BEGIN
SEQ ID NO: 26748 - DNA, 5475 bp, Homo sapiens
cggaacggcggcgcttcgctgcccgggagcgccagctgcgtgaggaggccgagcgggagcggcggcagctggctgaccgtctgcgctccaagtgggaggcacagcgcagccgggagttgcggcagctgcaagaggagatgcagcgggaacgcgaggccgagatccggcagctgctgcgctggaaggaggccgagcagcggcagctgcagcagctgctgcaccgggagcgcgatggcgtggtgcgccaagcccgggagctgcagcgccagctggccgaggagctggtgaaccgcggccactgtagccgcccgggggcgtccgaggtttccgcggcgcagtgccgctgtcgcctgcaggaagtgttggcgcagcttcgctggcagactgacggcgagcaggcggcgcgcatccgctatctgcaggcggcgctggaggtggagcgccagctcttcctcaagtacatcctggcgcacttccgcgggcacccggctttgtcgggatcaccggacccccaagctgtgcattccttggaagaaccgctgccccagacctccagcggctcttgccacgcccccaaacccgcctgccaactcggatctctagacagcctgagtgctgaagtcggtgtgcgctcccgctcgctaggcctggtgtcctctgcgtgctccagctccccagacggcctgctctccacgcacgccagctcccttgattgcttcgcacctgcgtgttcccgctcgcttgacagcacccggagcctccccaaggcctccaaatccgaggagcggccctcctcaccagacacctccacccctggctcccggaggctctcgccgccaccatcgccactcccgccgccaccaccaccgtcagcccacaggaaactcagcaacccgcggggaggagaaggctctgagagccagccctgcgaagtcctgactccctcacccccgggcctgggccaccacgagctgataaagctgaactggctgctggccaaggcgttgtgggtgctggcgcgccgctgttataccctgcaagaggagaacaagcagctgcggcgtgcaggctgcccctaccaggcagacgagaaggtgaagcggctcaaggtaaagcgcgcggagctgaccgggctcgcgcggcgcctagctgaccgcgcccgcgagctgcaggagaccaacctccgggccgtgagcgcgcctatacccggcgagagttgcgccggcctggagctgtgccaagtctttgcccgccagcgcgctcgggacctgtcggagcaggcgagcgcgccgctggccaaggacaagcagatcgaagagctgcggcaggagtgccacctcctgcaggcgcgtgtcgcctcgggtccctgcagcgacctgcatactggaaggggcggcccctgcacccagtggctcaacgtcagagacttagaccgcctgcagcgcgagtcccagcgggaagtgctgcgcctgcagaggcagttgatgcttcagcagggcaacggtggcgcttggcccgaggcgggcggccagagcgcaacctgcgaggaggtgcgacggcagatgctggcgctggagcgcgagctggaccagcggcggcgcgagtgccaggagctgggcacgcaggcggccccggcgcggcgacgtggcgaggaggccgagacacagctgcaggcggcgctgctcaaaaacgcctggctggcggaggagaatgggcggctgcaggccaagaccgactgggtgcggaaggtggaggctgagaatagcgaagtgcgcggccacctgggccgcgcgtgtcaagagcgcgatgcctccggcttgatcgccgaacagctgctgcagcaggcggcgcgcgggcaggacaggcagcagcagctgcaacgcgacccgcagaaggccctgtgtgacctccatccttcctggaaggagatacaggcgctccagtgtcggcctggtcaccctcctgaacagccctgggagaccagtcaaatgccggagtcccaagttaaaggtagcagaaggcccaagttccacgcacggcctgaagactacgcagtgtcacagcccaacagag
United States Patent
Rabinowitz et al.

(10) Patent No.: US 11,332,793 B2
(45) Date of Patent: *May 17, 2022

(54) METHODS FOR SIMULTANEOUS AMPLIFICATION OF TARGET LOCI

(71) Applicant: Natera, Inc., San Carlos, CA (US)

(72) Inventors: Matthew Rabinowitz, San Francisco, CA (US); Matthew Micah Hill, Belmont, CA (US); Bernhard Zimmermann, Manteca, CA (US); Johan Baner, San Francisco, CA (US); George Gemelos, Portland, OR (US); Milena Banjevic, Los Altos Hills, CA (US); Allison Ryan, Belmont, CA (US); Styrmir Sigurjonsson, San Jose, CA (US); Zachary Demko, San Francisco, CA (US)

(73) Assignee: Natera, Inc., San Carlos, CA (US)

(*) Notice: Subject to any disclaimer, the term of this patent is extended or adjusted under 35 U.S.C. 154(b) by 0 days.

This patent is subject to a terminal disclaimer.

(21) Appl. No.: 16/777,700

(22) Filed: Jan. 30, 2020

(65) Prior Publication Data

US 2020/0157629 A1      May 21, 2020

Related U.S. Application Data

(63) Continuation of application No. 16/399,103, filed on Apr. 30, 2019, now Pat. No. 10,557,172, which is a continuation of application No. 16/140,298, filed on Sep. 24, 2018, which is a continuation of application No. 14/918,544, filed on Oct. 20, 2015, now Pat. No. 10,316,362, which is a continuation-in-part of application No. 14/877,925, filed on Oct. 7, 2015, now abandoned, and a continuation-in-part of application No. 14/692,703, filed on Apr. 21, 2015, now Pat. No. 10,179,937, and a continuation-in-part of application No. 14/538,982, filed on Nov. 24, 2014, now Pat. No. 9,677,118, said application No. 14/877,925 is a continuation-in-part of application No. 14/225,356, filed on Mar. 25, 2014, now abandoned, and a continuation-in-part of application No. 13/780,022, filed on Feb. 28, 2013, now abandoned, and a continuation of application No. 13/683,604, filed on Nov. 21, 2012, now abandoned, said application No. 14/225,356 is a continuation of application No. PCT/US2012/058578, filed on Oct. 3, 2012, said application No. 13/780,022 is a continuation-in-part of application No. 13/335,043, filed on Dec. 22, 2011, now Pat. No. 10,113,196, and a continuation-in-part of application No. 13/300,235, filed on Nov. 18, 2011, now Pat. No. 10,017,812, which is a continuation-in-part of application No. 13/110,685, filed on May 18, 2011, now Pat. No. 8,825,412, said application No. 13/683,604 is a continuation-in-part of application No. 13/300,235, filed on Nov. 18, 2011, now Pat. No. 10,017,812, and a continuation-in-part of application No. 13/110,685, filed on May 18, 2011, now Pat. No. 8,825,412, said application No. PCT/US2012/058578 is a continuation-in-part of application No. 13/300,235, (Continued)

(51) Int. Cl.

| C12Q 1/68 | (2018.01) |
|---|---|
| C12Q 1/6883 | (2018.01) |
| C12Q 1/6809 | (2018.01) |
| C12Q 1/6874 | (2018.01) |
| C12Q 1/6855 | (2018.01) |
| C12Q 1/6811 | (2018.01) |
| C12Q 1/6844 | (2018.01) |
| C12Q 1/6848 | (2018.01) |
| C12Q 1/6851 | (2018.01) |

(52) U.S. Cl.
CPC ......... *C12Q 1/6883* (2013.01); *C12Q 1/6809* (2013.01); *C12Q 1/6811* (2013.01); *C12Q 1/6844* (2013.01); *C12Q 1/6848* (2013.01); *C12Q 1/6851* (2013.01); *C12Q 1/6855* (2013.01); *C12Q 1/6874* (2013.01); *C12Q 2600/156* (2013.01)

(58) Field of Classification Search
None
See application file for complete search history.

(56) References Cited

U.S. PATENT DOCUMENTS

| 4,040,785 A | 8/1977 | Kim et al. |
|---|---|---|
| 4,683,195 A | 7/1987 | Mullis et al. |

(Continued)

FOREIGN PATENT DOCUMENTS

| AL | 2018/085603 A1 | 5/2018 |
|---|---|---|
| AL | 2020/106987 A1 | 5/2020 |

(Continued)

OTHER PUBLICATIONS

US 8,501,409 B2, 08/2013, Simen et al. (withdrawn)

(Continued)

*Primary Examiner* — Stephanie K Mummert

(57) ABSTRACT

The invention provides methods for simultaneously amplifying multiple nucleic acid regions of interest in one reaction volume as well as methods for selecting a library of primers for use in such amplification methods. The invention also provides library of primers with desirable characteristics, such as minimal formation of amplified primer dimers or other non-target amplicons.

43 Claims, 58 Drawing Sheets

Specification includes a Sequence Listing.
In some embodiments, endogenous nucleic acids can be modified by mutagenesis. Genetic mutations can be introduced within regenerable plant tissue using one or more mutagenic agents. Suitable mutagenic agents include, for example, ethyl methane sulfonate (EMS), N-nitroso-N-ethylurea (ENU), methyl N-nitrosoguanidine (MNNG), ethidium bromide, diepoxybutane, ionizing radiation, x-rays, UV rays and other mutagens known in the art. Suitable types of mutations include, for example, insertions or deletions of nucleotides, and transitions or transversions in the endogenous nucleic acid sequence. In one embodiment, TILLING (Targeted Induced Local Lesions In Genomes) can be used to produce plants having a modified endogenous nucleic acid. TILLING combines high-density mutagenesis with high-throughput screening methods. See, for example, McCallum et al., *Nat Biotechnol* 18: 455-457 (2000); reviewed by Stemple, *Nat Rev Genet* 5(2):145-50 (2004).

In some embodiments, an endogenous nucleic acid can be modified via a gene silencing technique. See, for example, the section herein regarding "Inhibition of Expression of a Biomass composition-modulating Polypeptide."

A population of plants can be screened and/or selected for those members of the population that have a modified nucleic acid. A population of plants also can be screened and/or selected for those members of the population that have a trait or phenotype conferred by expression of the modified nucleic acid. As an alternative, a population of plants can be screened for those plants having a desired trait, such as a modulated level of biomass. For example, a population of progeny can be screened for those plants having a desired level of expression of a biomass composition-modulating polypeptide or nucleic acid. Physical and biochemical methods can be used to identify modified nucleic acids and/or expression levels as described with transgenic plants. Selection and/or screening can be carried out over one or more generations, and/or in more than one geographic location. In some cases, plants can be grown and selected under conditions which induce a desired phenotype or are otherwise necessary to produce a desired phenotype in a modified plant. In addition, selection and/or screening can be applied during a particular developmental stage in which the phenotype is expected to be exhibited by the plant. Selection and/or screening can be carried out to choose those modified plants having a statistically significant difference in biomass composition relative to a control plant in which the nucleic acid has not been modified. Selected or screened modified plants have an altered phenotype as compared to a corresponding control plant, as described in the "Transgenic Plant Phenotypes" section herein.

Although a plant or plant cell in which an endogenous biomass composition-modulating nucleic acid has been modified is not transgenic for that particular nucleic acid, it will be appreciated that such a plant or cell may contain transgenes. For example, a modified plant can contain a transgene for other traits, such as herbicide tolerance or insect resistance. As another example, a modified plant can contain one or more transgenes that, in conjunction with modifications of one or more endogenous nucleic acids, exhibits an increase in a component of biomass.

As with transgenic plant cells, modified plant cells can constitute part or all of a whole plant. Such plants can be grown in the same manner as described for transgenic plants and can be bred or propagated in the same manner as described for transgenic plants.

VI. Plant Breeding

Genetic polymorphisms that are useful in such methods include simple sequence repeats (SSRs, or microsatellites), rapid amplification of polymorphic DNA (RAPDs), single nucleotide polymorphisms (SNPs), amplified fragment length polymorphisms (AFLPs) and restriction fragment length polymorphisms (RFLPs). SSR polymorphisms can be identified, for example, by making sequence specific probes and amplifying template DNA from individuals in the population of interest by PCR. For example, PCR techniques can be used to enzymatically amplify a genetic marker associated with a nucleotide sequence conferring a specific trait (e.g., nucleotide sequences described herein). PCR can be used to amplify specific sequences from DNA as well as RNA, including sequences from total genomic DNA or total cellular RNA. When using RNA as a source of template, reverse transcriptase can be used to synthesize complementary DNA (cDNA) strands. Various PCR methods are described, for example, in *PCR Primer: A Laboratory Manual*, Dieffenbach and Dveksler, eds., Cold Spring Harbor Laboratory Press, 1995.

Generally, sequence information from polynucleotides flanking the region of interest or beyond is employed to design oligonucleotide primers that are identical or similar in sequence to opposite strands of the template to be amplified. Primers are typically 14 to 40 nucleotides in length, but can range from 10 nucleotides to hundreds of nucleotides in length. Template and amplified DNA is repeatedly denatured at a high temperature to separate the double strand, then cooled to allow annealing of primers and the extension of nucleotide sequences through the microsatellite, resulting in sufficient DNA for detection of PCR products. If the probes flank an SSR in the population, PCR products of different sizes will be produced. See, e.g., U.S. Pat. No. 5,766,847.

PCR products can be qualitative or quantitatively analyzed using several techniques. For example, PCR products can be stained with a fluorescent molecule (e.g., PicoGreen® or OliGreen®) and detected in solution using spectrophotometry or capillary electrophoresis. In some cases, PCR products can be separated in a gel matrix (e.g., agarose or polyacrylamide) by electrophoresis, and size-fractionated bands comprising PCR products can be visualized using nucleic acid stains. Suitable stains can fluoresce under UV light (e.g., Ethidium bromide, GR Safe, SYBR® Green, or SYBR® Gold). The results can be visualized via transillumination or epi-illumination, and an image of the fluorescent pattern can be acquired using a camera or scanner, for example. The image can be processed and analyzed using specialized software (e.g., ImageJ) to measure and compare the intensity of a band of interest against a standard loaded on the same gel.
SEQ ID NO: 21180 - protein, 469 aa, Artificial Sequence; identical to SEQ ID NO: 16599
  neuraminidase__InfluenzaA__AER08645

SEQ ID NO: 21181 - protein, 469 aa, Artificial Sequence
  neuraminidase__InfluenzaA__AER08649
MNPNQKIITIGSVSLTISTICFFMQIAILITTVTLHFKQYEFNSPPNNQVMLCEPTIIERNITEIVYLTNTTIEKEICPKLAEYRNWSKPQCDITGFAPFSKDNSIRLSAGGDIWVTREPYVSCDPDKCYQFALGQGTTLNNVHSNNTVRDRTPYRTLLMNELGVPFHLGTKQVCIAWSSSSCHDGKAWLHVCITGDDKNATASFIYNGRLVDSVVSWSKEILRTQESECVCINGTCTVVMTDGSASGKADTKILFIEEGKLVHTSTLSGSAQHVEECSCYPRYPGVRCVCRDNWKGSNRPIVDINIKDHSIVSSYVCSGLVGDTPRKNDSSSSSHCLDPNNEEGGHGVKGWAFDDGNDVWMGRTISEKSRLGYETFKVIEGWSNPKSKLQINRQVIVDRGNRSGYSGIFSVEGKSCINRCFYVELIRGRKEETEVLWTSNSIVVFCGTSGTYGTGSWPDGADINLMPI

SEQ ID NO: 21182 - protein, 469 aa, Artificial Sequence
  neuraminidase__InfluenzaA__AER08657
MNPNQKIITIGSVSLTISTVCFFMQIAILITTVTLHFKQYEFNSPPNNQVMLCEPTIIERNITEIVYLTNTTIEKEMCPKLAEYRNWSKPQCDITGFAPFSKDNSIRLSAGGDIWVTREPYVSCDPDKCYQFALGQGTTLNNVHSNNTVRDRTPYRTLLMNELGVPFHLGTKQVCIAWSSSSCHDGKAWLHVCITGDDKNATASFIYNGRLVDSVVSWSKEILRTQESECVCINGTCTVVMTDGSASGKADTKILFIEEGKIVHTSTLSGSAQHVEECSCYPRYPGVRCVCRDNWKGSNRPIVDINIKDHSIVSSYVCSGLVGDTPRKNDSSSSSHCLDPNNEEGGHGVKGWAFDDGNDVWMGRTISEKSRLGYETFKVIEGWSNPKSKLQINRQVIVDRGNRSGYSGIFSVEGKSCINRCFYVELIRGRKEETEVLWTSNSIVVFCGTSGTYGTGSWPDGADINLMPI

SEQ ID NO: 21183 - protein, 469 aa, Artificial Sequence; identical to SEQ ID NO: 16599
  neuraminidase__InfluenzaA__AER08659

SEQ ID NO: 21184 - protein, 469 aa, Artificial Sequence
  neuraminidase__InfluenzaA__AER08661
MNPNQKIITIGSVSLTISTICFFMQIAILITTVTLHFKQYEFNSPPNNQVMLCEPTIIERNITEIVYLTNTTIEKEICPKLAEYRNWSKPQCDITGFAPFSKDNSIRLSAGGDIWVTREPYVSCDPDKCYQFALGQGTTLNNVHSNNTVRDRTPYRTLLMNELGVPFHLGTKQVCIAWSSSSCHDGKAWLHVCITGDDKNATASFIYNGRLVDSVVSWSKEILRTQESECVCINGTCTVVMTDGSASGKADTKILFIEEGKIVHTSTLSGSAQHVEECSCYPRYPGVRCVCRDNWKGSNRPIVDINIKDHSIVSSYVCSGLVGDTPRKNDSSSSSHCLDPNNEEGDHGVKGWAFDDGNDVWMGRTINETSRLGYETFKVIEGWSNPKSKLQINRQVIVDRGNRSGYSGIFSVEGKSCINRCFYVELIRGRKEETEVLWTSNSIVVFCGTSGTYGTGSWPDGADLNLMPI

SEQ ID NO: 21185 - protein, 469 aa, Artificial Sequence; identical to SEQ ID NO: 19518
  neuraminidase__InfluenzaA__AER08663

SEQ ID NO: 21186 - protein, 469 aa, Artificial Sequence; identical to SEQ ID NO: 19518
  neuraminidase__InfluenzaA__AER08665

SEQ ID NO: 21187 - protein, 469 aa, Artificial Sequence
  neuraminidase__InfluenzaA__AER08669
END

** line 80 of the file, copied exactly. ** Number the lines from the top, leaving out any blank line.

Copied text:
SEQ ID NO: 21187 - protein, 469 aa, Artificial Sequence